When the dust settles on the question of how to make PMOs deliver successful projects, only one question remains: How effective was the level of collaboration between a project manager, other shared groups and the PMO?
As PPM and similar software has become more prevalent, has your PMO evolved to embrace the tools? Here we look at how PMOs need to adapt and adjust in order to leverage technology.
The tasks the project management office are faced with can be daunting, so it may be helpful to keep a few basic tenets in mind. To set up your PMO for success, your best bet is to play it S.A.F.E., and play to win.
Want your PMO to survive the current 50% rate of failure? Want the value your PMO delivers to be self-evident? Then align it with the organization’s strategies, goals and objectives--and become an integral part of the planning process.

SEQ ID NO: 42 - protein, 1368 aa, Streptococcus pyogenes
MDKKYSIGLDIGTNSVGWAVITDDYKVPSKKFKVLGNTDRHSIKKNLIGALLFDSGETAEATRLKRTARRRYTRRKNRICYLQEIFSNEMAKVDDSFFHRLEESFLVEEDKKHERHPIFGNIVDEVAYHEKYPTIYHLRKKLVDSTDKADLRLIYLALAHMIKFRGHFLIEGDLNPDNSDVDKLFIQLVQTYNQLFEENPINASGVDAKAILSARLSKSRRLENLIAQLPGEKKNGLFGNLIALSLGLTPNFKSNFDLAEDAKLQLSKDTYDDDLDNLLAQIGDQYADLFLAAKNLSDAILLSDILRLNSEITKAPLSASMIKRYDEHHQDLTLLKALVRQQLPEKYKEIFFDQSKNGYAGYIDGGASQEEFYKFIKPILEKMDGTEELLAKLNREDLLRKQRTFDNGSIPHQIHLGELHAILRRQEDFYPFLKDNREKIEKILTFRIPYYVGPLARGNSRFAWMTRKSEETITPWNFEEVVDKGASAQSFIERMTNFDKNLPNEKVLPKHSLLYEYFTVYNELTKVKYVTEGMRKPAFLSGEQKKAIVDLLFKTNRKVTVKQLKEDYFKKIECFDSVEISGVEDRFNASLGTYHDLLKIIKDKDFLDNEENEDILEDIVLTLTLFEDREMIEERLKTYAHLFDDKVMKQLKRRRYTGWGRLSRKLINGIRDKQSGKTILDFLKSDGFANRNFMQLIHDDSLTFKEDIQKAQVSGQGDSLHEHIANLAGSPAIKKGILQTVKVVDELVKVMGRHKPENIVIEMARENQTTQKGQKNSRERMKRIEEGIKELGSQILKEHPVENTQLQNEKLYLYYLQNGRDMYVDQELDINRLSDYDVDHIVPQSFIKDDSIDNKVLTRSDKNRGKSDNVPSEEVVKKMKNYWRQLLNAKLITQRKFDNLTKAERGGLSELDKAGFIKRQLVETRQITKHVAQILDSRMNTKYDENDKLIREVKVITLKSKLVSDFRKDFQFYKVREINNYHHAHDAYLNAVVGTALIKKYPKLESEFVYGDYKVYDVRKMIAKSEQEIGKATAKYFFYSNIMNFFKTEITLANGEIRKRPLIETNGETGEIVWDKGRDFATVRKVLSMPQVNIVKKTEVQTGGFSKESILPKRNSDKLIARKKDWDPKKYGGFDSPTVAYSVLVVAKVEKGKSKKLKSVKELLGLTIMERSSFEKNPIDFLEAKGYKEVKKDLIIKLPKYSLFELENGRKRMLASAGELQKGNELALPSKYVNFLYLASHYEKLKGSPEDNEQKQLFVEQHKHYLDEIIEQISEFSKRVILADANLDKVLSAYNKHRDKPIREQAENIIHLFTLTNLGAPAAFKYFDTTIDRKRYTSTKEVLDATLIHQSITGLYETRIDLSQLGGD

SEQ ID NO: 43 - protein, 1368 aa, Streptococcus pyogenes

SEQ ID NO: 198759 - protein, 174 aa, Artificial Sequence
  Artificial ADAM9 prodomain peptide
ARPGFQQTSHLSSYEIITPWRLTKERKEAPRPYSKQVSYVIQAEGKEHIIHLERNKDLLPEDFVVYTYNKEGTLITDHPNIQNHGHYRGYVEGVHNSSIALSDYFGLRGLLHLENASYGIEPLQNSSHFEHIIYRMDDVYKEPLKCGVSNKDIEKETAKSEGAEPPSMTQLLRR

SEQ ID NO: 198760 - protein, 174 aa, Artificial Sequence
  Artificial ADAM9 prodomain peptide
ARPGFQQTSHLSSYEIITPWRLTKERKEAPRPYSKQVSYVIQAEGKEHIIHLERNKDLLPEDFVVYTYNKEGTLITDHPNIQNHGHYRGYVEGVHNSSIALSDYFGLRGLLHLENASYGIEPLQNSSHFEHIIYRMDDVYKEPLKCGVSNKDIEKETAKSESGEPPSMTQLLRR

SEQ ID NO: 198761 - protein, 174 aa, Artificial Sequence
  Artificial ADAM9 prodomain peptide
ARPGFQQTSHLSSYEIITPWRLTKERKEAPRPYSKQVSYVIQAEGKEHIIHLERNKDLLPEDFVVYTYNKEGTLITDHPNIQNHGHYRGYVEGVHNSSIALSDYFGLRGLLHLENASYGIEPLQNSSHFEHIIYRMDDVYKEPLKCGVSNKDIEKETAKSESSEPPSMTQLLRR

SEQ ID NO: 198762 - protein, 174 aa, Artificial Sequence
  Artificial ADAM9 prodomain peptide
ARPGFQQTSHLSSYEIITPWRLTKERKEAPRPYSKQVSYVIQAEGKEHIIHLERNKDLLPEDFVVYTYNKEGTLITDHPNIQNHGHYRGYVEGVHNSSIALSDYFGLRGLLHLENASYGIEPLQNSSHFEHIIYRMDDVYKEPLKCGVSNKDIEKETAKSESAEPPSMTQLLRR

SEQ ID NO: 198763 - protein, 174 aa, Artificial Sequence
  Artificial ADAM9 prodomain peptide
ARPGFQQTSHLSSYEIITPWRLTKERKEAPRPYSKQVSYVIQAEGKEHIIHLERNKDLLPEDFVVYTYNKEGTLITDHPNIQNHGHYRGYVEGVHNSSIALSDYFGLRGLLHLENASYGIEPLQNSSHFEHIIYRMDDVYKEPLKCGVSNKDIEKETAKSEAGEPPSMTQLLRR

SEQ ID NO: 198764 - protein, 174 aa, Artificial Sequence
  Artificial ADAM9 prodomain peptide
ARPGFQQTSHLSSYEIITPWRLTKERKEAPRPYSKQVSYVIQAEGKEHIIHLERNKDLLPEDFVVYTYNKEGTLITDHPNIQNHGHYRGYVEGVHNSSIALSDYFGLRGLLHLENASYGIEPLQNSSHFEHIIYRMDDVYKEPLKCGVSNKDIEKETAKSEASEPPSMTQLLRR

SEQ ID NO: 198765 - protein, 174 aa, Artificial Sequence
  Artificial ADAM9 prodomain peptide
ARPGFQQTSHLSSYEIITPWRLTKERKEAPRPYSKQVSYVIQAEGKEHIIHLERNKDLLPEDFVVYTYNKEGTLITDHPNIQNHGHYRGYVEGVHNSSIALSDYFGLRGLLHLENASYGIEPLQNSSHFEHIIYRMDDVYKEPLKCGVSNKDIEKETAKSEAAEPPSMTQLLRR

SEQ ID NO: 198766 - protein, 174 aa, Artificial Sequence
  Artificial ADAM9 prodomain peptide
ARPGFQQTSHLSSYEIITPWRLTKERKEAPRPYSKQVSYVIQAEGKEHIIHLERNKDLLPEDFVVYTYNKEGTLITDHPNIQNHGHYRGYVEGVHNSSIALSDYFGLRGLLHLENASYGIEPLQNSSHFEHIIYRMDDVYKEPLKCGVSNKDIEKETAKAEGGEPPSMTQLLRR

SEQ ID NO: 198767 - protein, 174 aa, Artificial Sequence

If so many PMOs are seen as lacking in value by both the organization and the PMs that they support, then their days are numbered. So what’s the problem? Here we provide some ways to identify the trouble spots...and how to fix them.
The best method to combat dysfunction is to make sure the PMO is working together as a team, but this can become difficult. Here are some ideas for keeping the PMO working together like a well-oiled machine instead of slowing down the work of the entire organization with conflict and a meaningless layer of management.
There is one aspect of project management where it's rare to find any consistency at all within PMOs: project financials. Let’s look at some of the different options and see if we can figure out some models that might work effectively.
What is your PMO’s reputation among the PMs it serves? There could be a lot of distrust. Through experience, one manager discovered some potential problem areas that you may want to look at in your own organization.
While many projects may not have to adopt the elements of the Federal Incident Command System, some are set up to resolve a certain time-bound resolution of organizational priorities and can reap the benefits.